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View Full Version : Electricity in Marina Water - a tragic story


bobx1
11-24-2009, 02:29 PM
A friend of mine sent this link and thought I would post. It is a story of a child being electrocuted while swimming in a fresh water marina. It is a long article but found this statistic from the article incredible:

“Some time after Lucas’s death, two Multnomah County River Deputies and I conducted a random sampling of 50 boats in three freshwater marinas in the Portland area. We found 13 boats leaking potentially lethal electrical current into the water. A ratio of 26 percent of faulty boat wiring leads one to wonder if the number of reported electrical deaths in freshwater is only the tip of the iceberg. If you have any doubts about your boat, it should be inspected by an ABYC-certified technician. Do not depend on an electrician with experience only on land. Let’s boat safely and save lives.”

Here is the link to the full article:

http://www.boatus.com/seaworthy/kritz.asp

flipper
11-24-2009, 02:42 PM
Never herd of this before. Thanks for the info

helton333
11-24-2009, 04:05 PM
I have felt some mild shock swimming in the rear of a houseboat where the generator is - but it is mild - never heard anything about this. 12 V could never do this. We're talking about a dock power issue???

east tx skier
11-24-2009, 04:18 PM
I have heard of boats stored in a marina near here undergoing a good deal of corrosion as a result of this sort of thing. Sad story.

Jim@BAWS
11-24-2009, 04:29 PM
After reading that article all I did was tear up. How preventable, how tragic. That little boy
was born the same year as my son. Unfortunalty I know how the father feels. Very Very sad

Jim@BAWS

FrankSchwab
11-24-2009, 04:36 PM
I have felt some mild shock swimming in the rear of a houseboat where the generator is - but it is mild - never heard anything about this. 12 V could never do this. We're talking about a dock power issue???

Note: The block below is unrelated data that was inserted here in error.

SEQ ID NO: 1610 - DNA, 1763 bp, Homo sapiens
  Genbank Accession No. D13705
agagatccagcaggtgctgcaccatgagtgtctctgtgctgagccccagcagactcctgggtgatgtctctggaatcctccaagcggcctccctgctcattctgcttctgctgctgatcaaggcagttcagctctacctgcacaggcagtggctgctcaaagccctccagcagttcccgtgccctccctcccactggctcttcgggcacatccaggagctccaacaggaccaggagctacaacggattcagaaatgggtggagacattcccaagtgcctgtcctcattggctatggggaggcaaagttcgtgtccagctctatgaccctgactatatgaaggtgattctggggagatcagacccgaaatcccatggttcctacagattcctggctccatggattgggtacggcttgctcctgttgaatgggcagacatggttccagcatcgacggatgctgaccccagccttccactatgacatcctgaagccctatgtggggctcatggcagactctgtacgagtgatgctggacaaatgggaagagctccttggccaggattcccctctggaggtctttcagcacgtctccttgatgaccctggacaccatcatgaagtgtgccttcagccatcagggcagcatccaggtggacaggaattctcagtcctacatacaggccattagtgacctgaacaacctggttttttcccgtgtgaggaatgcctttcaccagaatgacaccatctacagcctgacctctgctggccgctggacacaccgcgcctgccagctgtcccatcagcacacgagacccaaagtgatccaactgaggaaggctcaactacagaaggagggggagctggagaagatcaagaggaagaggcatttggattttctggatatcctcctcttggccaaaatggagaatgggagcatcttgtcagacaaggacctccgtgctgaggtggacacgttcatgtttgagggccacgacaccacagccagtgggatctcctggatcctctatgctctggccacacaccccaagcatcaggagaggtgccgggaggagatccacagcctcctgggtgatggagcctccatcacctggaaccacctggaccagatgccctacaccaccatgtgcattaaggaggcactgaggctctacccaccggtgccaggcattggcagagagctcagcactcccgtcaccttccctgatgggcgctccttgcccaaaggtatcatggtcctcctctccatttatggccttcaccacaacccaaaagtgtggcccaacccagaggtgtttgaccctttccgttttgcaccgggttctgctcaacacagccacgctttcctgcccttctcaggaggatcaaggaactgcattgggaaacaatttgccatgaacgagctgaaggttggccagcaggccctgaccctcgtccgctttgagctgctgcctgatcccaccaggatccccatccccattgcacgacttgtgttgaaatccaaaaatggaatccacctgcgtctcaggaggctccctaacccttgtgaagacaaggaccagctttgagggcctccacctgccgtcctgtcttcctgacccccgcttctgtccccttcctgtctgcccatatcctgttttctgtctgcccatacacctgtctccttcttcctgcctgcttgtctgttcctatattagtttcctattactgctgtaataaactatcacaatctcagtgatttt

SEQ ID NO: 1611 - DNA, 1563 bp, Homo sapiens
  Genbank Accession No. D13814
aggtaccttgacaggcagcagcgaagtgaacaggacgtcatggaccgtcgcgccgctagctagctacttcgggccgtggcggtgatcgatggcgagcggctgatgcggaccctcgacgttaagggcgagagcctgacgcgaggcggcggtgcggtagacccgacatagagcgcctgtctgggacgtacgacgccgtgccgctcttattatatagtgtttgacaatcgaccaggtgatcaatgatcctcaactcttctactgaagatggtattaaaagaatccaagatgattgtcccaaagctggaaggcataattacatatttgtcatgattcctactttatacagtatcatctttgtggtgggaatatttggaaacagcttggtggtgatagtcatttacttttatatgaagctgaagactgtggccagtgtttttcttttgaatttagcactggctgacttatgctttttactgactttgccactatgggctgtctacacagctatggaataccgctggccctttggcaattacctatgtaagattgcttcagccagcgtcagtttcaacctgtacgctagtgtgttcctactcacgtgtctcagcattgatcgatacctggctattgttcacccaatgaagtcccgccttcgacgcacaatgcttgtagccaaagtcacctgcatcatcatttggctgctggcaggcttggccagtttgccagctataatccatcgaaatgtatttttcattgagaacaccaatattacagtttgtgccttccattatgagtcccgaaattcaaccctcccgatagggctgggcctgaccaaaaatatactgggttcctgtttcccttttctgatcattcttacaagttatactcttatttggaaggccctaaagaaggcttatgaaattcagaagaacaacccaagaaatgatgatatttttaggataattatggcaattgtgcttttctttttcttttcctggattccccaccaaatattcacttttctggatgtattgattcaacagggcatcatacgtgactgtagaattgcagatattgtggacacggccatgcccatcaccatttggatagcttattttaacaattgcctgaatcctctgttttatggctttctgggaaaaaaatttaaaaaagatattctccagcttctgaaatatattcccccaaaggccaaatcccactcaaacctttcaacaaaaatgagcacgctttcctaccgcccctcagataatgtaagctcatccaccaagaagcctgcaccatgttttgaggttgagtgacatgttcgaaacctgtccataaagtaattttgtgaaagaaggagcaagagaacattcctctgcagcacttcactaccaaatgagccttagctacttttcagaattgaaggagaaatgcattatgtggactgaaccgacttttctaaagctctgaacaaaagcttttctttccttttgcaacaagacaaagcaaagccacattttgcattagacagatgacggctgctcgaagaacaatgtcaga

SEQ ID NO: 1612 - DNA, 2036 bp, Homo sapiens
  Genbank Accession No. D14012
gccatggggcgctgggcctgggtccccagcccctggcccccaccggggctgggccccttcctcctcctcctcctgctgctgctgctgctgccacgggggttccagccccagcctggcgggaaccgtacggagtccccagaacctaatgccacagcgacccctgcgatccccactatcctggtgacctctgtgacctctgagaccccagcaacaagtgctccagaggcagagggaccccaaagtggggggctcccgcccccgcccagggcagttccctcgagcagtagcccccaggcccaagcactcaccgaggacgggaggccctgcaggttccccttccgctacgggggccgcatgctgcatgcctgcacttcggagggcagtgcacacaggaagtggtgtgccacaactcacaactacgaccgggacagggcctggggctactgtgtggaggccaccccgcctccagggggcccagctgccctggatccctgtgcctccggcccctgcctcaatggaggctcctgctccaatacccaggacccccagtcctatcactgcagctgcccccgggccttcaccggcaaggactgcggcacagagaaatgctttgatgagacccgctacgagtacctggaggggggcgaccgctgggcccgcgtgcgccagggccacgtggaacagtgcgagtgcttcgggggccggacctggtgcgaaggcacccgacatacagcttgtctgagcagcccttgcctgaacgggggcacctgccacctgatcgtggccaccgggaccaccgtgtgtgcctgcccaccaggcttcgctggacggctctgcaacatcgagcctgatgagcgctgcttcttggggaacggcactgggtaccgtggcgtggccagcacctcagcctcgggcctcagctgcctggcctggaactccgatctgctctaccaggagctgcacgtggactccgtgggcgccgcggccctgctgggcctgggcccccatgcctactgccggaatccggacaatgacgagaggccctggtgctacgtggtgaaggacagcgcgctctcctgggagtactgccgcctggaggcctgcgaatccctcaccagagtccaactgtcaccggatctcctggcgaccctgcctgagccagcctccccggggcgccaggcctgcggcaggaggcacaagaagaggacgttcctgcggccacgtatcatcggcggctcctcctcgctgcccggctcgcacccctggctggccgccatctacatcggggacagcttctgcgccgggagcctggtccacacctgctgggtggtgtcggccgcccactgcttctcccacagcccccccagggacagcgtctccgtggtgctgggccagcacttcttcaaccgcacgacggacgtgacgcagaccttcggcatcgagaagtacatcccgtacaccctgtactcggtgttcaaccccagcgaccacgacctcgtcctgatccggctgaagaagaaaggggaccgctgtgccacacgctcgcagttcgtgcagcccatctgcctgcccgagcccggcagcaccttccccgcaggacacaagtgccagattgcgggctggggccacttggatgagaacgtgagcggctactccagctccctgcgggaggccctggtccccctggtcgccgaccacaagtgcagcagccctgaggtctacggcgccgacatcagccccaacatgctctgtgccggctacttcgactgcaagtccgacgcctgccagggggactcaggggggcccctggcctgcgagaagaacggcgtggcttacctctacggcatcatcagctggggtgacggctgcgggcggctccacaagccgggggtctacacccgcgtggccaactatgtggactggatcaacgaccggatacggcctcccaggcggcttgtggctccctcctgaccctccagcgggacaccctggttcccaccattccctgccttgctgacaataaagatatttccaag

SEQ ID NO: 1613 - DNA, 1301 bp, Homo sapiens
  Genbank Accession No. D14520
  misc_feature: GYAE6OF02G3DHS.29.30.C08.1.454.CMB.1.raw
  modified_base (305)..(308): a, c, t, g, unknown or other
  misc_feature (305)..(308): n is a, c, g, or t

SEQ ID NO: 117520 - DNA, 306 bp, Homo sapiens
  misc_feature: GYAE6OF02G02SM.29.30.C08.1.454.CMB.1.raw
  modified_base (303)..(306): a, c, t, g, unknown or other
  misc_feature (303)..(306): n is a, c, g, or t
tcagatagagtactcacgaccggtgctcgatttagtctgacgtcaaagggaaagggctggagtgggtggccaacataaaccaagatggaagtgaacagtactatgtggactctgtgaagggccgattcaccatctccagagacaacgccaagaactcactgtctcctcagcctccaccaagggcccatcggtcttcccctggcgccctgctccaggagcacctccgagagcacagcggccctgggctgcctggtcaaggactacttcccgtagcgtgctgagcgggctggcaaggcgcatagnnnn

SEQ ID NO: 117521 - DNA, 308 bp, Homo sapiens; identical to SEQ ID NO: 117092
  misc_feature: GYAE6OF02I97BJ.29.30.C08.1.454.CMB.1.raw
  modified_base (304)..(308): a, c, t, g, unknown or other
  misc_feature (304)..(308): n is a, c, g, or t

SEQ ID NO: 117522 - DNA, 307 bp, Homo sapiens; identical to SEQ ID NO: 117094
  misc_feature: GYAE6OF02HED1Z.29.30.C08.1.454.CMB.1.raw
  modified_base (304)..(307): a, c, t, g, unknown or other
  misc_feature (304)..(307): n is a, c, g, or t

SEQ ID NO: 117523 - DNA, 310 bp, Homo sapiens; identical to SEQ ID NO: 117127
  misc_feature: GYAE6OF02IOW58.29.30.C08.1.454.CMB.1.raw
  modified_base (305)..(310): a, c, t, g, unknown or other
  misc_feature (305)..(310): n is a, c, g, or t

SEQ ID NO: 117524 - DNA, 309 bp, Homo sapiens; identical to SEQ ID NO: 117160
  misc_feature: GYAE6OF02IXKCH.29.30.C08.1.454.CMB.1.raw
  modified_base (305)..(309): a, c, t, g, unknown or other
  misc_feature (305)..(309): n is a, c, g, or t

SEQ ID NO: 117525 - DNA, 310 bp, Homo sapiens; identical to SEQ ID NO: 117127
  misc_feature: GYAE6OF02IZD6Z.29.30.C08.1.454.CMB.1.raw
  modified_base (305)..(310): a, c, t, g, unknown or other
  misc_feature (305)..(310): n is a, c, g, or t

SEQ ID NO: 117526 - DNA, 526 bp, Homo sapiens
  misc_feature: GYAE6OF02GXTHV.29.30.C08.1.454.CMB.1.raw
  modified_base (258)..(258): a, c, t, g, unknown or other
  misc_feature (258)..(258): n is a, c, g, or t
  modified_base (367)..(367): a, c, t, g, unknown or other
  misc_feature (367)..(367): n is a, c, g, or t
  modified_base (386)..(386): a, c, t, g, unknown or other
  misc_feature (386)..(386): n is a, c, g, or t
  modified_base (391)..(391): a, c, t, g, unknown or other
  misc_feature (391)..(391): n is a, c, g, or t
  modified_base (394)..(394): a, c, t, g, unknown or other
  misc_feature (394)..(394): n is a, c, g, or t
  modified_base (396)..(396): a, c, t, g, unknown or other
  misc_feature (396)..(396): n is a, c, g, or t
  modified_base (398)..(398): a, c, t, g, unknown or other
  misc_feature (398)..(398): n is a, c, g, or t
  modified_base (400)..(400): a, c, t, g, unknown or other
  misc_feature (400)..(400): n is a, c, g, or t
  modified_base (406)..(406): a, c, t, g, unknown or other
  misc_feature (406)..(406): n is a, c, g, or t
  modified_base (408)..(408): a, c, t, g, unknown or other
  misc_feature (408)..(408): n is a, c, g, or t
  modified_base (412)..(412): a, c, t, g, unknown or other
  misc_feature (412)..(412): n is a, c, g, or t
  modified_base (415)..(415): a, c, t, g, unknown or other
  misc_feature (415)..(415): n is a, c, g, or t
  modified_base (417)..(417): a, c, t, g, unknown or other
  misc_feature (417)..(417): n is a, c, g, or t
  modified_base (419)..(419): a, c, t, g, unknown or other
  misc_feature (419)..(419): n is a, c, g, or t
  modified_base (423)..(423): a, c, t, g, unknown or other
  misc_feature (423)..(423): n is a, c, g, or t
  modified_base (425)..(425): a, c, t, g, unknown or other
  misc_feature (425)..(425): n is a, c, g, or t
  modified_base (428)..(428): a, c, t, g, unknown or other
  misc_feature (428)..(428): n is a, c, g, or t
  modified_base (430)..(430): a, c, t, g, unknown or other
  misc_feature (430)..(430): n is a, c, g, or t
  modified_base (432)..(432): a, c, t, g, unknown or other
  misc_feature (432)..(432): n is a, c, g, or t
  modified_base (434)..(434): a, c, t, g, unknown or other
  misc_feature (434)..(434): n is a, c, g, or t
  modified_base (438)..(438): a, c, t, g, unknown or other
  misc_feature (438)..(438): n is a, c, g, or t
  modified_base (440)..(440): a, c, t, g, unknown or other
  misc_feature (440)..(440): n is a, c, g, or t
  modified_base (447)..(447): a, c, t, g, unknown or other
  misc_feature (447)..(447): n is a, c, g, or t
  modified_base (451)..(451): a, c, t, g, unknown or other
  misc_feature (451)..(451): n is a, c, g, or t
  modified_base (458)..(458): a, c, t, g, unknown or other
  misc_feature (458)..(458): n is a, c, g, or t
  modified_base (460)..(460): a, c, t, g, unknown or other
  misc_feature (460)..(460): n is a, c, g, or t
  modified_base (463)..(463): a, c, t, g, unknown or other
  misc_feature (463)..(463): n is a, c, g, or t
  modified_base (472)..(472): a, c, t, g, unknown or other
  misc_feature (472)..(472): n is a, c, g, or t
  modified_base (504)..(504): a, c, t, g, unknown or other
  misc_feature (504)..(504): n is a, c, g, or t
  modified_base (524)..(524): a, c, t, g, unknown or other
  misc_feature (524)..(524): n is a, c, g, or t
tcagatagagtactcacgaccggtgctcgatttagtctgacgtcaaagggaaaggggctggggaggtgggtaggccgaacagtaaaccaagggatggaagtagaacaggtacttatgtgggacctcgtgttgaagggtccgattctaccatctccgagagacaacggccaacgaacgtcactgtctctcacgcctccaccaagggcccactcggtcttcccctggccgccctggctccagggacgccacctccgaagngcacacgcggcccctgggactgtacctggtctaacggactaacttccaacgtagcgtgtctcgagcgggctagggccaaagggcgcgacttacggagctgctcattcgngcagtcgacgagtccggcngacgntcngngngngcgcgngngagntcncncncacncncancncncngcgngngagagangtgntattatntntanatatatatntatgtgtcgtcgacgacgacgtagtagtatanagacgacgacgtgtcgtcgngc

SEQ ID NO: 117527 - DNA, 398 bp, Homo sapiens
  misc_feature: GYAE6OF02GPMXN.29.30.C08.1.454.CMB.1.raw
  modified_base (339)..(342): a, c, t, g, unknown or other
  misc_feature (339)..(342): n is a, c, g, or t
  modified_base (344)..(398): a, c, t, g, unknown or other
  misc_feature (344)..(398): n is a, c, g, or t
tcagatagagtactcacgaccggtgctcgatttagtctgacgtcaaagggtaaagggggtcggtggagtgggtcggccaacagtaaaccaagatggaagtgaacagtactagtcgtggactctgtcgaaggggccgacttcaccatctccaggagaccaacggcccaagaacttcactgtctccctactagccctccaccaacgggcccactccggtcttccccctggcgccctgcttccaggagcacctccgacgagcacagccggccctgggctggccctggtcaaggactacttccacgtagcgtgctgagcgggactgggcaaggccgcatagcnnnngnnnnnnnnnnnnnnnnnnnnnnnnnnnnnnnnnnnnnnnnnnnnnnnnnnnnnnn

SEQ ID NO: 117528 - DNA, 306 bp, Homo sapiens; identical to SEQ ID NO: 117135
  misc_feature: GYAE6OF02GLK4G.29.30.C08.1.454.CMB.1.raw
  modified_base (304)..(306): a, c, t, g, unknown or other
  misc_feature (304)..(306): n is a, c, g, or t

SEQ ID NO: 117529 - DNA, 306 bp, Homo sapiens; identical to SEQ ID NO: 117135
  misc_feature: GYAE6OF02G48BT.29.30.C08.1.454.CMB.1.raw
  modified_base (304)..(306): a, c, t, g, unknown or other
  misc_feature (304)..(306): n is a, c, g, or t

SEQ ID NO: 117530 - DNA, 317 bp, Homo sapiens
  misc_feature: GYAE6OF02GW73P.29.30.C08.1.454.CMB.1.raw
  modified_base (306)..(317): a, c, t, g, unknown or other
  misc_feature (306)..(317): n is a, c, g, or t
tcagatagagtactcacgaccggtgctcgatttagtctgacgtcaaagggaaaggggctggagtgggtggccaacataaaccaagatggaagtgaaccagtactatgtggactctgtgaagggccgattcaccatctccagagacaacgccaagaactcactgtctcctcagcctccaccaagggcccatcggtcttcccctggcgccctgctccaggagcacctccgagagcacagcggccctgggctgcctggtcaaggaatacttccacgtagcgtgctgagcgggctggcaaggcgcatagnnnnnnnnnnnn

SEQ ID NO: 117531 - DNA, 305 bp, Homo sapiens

Sounds like 120V coming from the dock was the source of the issue in this case.

I don't know if an onboard generator could cause this problem; the 120V from it would be isolated from earth ground, so there's no particular reason for current to flow outside the boat. I suppose if neutral was exposed to water in one location on the boat, and the hot was exposed in a different location, you might have a current path/voltage gradient that could cause this problem.

/frank

ahhudgins
11-25-2009, 12:48 AM
First off, I'm truely sorry for their lose and I can't imagine how they must feel. Secondly, what Frankswab said is correct about the AC current flowing outside the boat. I won't go into all of the technical issues, but a LOT of the "tests" in this story make no sense. I've been an electronics technician for 25 years and I repair the "Electro Fishers" for the Game Departments. The Electro Fishers are used to shock up fish by placing one probe about 8 feet away from the hull of the boat and when a fish swims directly BETWEEN the probe and hull, he completes the current path. Even if the hot side of 120V AC was directly shorted to the 12V ground, the neutral (or ground) of the 120V AC would have to be placed in the water also, and within a reasonable distance. A person would then have to swim directly between those two points. If the child was within a few feet of the boat in question, AND the water was very shallow, it is possible that the current could flow from the boat, through the child, to the lake bottom (earth ground). He just said that the boat in question "..was in the area at that time.." 6 ft, 20 ft, 100 ft? What ever the cause, GFIs should ALWAYS be placed on outside outlets and around water, they DO save lives.

FrankSchwab
11-25-2009, 02:27 AM
Helton333, if you are feeling "a mild shock" swimming in the water around your generator, you need to get it resolved before you go swimming again. You are playing with fire, dude.

/frank